NYC Weekend Angler
The Neversink River may not be the most productive trout river, but it is certainly the most historic. Situated roughly 100 miles north of the George Washington Bridge, the Neversink was fished extensively during the early 1900s by historical anglers like Theodore Gordon, inventor of dry flies like the Quill Gordon, and Edward Hewitt, inventor of the Bivisible. While flyfishing began in Scotland and was first practiced in the chalk streams of England, Gordon pioneered dry flyfishing in the United States and Hewitt first explored the concept of fishing with nymphs. Both of these men perfected their craft on the Neversink River of New York State.
Unfortunately, much of this historic river is privately owned and off-limits to the public. However, several public access points remain along State Route 17 below the Neversink Dam near Monticello, NY. Some of these waters have no-kill regulations on them so check your fishing abstracts carefully before deciding to keep a fish. There are also a number of easements allowing access to the river along State Route 209. Pay close attention to the posted signs so you don't end up trespassing on private property. Your efforts will be rewarded when you find yourself fishing on some of this country's most historical waters.
Anglers on the Neversink can expect to catch anything from trout to landlocked salmon to smallmouth bass, sometimes right next to each other in a pool or a run with ample food and structure available. The Neversink is fed by tailwater releases so it stays cool all summer long and its water clarity is not as affected by rainfall as the Beaverkill, Willowemoc or other neighboring trout rivers. The fish in the Neversink don't grow to epic proportions, but some may well reach a few pounds and almost 20 inches in length. The historical significance of these waters makes catching even the smallest brook trout a special and memorable event. The river offers plenty of classic trout habitat--riffles and runs, pools and pockets. Add to that the seclusion of a mostly privately-owned riverfront and the Neversink offers an opportunity for anglers to step backward in time and fish the same waters on which American flyfishing was pioneered.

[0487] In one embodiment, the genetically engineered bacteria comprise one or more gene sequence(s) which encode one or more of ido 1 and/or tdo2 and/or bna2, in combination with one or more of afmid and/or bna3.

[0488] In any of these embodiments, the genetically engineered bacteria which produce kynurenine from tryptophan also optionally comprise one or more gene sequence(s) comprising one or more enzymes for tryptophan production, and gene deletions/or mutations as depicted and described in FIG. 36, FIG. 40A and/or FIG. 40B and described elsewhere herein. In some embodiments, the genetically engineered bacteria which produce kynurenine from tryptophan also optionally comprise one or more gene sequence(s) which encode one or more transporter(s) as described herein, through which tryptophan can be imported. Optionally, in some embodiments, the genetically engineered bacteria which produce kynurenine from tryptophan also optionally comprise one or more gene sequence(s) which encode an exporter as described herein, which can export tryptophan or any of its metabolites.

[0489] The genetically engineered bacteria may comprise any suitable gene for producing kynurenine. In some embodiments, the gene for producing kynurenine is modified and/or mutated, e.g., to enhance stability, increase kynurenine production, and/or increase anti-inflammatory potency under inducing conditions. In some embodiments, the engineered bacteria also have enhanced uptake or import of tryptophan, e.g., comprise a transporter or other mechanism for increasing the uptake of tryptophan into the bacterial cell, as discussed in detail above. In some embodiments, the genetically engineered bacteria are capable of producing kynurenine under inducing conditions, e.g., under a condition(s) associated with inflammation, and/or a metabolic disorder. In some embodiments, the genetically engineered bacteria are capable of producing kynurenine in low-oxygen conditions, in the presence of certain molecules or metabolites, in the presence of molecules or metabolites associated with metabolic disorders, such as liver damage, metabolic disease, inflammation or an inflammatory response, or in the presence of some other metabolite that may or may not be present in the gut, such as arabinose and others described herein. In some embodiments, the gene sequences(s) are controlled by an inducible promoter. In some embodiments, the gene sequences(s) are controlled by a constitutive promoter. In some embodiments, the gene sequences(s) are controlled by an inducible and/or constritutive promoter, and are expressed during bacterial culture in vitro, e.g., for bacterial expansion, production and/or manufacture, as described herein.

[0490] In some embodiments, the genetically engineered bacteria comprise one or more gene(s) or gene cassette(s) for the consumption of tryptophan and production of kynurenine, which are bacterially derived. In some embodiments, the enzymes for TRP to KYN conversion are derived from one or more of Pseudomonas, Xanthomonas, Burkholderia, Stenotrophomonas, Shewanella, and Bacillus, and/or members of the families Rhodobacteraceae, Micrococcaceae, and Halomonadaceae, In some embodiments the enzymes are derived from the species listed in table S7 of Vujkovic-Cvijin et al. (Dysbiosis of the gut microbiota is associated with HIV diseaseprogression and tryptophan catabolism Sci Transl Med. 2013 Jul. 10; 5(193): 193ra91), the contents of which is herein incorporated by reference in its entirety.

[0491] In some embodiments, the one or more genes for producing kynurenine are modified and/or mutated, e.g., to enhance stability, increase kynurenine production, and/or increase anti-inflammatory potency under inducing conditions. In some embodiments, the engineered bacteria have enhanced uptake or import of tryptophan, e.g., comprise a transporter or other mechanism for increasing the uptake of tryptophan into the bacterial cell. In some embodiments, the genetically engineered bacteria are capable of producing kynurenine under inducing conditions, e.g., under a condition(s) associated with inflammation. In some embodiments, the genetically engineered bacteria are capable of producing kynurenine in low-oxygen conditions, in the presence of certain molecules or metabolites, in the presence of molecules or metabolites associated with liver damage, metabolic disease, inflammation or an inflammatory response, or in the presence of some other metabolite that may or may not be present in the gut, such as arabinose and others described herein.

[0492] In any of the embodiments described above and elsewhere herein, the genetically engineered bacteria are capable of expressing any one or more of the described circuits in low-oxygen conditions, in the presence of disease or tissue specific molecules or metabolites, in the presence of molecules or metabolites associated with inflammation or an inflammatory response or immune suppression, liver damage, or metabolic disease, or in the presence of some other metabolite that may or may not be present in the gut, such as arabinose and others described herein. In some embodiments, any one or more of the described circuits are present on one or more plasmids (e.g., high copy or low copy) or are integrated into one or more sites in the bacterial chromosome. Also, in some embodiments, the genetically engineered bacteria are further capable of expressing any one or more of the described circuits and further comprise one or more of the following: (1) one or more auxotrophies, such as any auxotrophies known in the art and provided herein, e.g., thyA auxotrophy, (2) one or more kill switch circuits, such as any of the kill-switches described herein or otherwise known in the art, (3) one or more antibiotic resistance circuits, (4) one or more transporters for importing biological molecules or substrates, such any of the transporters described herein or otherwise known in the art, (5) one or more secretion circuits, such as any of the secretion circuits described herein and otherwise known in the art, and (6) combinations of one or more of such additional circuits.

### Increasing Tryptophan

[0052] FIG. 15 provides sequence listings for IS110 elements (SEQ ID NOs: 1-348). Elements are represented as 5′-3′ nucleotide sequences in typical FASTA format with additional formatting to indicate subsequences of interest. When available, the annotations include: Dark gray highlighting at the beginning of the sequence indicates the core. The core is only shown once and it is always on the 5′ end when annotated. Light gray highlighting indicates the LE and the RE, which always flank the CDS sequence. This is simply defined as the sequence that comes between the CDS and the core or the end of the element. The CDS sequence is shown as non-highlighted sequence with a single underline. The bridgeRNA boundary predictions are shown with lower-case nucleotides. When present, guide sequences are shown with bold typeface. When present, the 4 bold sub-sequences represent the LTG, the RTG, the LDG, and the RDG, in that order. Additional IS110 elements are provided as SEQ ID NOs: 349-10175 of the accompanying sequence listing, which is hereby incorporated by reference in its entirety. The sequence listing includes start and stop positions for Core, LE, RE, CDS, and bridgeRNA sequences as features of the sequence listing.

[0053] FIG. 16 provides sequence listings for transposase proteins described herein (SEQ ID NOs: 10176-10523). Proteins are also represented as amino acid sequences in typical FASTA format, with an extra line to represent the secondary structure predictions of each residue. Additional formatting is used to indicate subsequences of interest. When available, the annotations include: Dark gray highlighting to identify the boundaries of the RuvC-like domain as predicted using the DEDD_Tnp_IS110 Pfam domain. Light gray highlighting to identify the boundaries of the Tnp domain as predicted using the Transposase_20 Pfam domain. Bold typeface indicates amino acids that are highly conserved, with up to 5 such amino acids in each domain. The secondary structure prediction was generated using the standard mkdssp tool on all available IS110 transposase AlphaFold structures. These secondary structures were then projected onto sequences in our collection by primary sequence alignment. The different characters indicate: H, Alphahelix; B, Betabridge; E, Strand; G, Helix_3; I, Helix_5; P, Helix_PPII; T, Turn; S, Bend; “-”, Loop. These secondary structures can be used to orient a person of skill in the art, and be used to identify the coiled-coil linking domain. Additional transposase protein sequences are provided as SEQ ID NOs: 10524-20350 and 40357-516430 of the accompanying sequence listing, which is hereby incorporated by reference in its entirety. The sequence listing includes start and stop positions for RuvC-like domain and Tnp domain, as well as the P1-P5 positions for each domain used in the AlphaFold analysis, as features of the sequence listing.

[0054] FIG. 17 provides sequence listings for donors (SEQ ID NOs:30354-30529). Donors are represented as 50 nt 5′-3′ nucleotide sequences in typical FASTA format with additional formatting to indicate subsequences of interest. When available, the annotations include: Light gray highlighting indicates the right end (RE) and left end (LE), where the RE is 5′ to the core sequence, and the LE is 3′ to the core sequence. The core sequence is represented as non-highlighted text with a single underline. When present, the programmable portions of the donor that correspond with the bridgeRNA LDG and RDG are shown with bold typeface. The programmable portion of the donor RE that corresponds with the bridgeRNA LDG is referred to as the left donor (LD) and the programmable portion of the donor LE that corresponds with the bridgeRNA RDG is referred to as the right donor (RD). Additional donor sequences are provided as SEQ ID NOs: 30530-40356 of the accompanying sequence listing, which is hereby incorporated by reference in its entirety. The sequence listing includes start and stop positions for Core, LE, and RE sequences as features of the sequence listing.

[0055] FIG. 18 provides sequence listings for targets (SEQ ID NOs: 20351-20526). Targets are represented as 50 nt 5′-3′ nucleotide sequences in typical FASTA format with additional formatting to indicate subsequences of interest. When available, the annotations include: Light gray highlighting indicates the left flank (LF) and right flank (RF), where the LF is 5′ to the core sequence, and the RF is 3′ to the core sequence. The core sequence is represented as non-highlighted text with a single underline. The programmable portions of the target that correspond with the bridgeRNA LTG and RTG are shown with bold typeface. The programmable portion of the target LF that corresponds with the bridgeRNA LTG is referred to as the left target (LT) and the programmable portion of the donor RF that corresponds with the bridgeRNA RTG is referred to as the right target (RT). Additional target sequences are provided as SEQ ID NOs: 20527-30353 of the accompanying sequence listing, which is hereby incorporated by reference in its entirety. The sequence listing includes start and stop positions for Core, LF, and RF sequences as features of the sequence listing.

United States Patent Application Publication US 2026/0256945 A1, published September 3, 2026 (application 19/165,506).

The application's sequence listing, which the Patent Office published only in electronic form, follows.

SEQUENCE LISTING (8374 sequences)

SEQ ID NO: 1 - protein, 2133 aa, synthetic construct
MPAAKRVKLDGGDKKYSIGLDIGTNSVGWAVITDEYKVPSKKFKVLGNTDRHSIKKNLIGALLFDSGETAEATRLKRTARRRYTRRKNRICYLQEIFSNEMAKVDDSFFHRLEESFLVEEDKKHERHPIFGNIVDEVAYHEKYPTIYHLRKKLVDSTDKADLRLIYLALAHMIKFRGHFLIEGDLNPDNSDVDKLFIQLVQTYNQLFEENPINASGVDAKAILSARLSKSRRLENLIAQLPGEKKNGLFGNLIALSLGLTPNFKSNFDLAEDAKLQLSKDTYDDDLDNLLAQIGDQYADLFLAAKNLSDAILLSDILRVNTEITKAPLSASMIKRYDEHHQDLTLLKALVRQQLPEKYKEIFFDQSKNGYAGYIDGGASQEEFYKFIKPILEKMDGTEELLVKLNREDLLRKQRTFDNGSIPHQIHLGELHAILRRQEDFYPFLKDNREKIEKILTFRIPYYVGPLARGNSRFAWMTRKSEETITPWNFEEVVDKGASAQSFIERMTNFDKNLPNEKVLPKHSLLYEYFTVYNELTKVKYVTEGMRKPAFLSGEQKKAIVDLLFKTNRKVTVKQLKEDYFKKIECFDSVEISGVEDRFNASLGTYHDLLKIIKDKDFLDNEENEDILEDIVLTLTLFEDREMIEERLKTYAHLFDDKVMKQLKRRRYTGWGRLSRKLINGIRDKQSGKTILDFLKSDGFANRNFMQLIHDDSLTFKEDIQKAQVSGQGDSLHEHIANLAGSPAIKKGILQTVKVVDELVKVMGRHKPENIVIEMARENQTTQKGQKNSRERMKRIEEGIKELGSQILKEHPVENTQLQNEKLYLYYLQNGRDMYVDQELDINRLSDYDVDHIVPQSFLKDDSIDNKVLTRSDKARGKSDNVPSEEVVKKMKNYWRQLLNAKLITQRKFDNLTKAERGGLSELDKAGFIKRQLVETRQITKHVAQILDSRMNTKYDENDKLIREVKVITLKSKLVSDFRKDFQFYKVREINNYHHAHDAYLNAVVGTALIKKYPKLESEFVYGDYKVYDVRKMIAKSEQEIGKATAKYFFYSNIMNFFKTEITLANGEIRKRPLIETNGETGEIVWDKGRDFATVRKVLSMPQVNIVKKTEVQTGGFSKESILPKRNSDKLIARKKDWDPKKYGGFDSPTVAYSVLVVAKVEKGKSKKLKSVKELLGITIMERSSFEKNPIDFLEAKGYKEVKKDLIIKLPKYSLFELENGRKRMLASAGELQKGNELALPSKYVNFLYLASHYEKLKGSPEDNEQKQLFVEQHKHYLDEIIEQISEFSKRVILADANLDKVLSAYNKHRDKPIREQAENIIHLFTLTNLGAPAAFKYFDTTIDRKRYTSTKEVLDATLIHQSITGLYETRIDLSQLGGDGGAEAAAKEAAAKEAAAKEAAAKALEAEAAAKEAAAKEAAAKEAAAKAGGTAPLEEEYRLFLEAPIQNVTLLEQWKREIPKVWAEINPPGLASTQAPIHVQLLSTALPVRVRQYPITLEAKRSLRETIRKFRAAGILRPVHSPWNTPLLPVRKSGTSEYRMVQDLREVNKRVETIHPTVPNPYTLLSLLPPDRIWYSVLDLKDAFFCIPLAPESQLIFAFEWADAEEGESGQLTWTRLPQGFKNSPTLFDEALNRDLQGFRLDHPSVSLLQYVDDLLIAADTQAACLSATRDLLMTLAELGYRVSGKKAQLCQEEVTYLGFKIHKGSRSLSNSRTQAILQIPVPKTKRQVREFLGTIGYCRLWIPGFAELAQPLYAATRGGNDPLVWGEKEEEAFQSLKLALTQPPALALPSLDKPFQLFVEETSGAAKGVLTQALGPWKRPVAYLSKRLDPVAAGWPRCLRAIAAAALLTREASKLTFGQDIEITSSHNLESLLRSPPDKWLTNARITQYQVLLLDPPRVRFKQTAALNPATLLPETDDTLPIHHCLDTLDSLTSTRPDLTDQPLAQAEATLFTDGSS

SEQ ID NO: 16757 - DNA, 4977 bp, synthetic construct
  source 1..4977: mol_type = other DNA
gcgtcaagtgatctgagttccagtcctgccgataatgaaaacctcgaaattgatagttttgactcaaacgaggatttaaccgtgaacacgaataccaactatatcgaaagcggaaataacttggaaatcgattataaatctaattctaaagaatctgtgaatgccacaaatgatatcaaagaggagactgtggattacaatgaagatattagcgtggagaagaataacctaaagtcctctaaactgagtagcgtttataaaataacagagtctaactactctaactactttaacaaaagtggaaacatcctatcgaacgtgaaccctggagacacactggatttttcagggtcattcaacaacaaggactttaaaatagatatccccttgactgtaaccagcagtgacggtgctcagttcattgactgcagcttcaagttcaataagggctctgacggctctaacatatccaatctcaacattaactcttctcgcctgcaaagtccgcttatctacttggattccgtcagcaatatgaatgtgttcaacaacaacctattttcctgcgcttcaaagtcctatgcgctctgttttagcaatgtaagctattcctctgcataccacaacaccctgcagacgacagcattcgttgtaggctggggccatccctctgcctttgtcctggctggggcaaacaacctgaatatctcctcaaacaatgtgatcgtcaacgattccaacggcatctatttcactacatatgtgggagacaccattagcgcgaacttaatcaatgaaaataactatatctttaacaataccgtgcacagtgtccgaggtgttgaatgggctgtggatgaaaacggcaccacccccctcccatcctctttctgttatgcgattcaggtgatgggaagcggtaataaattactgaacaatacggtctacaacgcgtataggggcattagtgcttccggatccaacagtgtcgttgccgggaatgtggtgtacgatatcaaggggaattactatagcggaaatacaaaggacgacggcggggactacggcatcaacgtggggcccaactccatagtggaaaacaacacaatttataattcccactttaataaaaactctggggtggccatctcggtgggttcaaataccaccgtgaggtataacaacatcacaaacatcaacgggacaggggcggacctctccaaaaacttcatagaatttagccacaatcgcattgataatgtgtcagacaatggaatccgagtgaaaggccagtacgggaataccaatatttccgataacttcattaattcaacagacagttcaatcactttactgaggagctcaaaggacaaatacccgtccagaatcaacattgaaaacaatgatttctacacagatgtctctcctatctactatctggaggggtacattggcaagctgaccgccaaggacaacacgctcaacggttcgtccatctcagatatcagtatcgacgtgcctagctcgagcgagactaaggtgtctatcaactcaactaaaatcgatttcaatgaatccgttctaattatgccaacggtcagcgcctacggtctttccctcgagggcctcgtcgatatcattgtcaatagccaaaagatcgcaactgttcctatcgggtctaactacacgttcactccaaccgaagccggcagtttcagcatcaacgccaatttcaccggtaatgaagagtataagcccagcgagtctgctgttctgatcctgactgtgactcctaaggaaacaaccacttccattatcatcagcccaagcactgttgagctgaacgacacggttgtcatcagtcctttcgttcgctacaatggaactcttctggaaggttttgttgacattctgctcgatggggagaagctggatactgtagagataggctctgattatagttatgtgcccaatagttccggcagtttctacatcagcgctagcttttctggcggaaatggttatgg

HOW TO GET THERE
Take 9 out of New York City to 287 West, then head straight up 17 North until you hit the town of Roscoe. The closest train is at Brewster, which is near the Croton.
Elk hair caddis, caddis nymphs, quill gordons, adams, bivisibles, haystacks, march browns (dries and nymphs), pheasant tails. Bring these flies in a variety of sizes, 12-22. Do your homework by looking up some of the classic early patterns (such as Quill Gordon and Bivisible) and bringing them along with you.
WHERE TO STAY
Rocsoe has the closest accommodations but is a bit out of the way. Plan on driving a half hour or more to and from the motel each day.
There are several flyshops in Roscoe. The largest and easiest to find are right across the street from each other on the main dragCatskill Flies (607-498-6146) and The Beaverkill Angler (607-498-5194).
Details mentioned in this article were accurate at the time of publication